Food, like identity, is constructed in layers. Multiple influences, multiple ingredients, create unique dishes, unique tales. A meal is both a history and a personal news report. Where did we come from? Where did we learn to cook? Who were our people and where did they travel and what did they bring home to us? What are we currently growing and where do we live? What can we afford to eat today?
This Chickpea Curry is a stew of my stories, and those of my parents, and their parents. The fragrance of the onions that form the base pull me back to Mummy’s kitchen, where she began almost every savoury dish that way, with sweet pepper, garlic and thyme also tossed in. The curry powder is from England both literally and figuratively; growing up in the UK, my mother was introduced to East Indian cuisine, loved it, and learned to cook it for us, her family, years later in the Bahamas.
The chickpeas speak to my own beliefs about health. For years, I used canned chickpeas for ease and speed; now, I try to buy dried beans instead, both to reduce the waste of tins and to avoid the BPA that usually lines them. It’s cheaper, too.
The bay leaves carry me back to the islands, reminding me of the addle-minded handyman who earned a reputation for appearing at bedroom windows awkwardly, ever asking for some fix-it aid or ill-placed screwdriver or needing a window to be opened or closed. His most useful visit was when he disappeared down the road into an overgrown vacant lot, and returned with a bag full of bay leaves, pulled off an obliging tree. I wouldn’t have known to find them there myself, or dared to venture into the bush for the harvest. Clearly, he wasn’t such a dullard after all.
The vegetables I used reflect what is in season, affordable, looks good on shopping day, needs to be used up, or some combination thereof. This time, tomatoes featured since fella’s mother gave us several beautiful Beefsteaks. Eggplant appeared as I had a rather watery one left over and figured it would taste better in curry than anything else. The kale was picked from our community garden plot that morning.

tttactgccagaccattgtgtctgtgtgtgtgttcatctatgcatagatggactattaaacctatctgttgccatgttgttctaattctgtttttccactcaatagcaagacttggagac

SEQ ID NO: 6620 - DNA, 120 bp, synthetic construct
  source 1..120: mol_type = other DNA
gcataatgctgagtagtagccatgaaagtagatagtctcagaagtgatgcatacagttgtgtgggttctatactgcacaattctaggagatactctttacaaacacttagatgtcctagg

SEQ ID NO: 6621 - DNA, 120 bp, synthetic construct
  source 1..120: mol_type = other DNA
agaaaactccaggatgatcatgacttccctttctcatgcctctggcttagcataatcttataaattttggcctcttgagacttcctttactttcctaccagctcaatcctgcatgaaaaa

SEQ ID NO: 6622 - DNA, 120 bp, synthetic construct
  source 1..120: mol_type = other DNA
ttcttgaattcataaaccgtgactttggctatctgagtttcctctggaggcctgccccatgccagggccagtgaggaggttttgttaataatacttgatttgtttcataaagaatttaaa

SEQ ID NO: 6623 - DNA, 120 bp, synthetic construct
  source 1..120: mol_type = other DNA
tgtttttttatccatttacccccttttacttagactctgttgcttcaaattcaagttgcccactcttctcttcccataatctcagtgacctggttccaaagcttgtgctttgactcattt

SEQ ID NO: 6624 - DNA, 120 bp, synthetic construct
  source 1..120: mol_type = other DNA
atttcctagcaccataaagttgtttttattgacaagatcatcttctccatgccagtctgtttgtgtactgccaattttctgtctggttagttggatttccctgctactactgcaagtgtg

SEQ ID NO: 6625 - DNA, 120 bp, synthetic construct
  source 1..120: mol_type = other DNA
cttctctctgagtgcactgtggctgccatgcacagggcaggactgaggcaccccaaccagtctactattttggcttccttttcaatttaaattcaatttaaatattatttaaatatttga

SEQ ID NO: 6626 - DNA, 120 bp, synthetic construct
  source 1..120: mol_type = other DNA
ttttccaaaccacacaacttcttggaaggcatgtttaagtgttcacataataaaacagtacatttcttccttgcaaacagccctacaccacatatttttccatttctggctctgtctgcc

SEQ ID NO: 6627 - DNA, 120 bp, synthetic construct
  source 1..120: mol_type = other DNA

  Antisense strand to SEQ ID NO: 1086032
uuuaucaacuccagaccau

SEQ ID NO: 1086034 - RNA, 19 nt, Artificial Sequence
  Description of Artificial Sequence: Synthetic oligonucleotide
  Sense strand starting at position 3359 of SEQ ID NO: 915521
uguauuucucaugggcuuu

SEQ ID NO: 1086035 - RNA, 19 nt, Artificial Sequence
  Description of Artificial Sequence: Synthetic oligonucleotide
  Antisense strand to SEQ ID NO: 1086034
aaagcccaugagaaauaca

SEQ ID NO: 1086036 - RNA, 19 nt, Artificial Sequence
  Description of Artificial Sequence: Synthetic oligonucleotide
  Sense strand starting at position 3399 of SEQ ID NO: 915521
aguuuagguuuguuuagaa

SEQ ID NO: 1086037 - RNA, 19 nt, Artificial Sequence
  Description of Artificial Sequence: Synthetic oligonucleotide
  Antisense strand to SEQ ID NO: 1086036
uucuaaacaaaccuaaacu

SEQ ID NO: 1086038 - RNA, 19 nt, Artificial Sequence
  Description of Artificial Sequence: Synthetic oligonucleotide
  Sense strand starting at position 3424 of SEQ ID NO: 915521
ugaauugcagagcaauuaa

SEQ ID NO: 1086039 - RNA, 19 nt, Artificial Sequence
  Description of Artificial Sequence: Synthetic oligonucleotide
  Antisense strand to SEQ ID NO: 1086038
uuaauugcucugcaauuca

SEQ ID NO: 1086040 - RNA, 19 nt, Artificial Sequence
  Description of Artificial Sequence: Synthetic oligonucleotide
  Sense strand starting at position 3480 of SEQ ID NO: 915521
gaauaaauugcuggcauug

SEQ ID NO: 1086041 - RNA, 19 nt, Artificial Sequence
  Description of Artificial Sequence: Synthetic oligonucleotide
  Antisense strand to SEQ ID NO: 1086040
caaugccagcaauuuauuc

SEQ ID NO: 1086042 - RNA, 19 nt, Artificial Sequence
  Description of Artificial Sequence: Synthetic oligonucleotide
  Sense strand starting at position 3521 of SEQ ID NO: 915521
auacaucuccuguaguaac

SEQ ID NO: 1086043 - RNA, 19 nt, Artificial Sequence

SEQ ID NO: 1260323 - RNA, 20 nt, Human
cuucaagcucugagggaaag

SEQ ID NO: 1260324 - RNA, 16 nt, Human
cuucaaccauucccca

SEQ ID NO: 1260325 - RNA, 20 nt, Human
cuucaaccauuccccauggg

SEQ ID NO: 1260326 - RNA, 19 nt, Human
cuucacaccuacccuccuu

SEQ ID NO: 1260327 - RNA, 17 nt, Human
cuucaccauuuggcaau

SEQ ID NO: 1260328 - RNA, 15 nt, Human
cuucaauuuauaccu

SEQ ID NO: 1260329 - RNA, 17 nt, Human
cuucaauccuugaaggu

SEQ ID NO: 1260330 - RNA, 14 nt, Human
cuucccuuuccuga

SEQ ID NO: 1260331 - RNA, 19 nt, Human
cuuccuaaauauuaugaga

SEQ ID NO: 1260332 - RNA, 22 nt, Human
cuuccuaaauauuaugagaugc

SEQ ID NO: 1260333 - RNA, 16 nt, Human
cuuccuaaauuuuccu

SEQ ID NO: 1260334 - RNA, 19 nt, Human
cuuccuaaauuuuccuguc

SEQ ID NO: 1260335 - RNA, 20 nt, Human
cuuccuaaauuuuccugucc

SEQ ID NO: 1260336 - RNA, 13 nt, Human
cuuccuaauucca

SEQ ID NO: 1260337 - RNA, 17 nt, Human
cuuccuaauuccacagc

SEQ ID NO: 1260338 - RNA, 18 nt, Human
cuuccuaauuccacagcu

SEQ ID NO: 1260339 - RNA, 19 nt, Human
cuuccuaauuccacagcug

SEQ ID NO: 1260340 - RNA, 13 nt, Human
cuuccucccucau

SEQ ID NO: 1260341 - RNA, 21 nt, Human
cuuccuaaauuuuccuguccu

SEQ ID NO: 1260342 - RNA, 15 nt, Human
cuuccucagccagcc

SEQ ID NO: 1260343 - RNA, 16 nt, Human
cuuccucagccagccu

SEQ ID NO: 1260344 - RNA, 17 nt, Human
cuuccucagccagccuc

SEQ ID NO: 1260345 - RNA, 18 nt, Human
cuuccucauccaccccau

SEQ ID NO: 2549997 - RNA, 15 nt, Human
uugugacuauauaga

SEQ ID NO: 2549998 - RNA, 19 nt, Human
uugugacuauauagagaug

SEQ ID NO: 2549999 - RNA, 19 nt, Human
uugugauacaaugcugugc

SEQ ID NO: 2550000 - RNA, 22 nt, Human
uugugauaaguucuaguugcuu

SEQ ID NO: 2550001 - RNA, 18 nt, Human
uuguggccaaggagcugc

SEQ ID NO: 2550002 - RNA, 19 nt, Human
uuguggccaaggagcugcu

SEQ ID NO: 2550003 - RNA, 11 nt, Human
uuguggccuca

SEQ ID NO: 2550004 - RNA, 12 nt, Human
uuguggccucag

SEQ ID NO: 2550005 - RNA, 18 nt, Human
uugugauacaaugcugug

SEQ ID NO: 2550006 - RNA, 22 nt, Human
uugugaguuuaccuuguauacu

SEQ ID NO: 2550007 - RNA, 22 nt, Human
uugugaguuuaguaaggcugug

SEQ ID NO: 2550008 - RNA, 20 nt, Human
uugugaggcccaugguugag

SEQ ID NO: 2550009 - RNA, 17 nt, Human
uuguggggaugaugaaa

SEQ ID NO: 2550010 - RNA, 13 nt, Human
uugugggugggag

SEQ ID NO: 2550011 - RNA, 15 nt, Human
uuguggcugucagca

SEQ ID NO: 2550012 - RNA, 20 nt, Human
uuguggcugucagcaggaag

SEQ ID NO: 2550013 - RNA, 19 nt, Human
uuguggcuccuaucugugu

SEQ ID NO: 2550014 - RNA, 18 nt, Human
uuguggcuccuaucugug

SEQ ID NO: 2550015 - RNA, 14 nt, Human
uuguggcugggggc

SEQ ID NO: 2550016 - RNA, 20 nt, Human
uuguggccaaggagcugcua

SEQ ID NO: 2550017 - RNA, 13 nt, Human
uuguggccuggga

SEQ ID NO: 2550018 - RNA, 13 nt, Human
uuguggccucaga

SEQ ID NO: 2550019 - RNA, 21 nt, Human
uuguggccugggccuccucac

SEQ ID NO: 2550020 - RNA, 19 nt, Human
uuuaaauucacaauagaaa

Finally, the roti. Part learned from my mother, who tested out paratha recipes and still, to my mind, makes the best ones. Part from Daddy, whose work took him through the Caribbean, where he–and we–learned of and grew to love West Indian roti, soft, almost plump breads wrapped lovingly around thick island curries. This is why I used a Caribbean roti recipe, but treated it like paratha. The treatment is similar to the way a Kenyan friend makes chapati. Memories of this friend and her unique brand of reverse-missionaryism still amuse me.
She would invite a glut of unsuspecting acquaintances and classmates over (mostly White North Americans), feed us richly on home-cooked Kenyan dishes, then, when guards were down and bellies filled, she would force even the most reticent into robust renditions of African hymns and dances, draping the unlikely with Kenyan fabrics, and trilling “You all sound really good, really African,” rolling her rs in that delicious, watery way. Some folks got into it. Others were visibly and delightfully discomforted.
As I combine the curry ingredients and mix the bread dough, remembering, these memories and flavours meld. Each dish, like each individual, is a unique amalgamation. Most days, this is how I make meals–melding styles, techniques, and lessons absorbed through life, family, friends, adding what I know will taste good, drawing from the fridge and cupboards as much as from memories.
1 large onion, chopped
1 garlic clove, minced
2 tsp Curry Powder
thyme, to taste
4 cups cooked chickpeas
1 1/2 cups water, more if needed, depending on the desired thickness
1/4 cup creamed coconut
2 bay leaves
1 cup chopped Japanese eggplant
1 cup chopped tomato
6-10 black kale leaves
salt and black pepper, to taste
1. Fry the onion in a fairly generous amount of oil, until transparent. Add the garlic and curry powder, and cook, stirring constantly, about a minute.
2. Add the chickpeas and water. While bringing to boil, season with thyme, creamed coconut, and bay leaves, and add eggplant and tomato.
3. Let simmer at least half an hour, stirring occasionally. Meanwhile, remove the stems from the kale and chop. Add stems to curry.
4. 10-12 minutes before you wish to serve, season with salt and pepper, and tear kale leaves into curry.
5. Taste and adjust salt and pepper, if needed. Serve with quinoa or rice, and with roti.
The roti/paratha/chapati was based on this recipe: http://celiegirl.hubpages.com/hub/Roti-West-Indian-style
I rolled it out, then spread with Earth Balance, folded, spread again, and folded, about four times, then rolled out gently, once more, before cooking on the tava (a cast-iron pan would do the trick, too).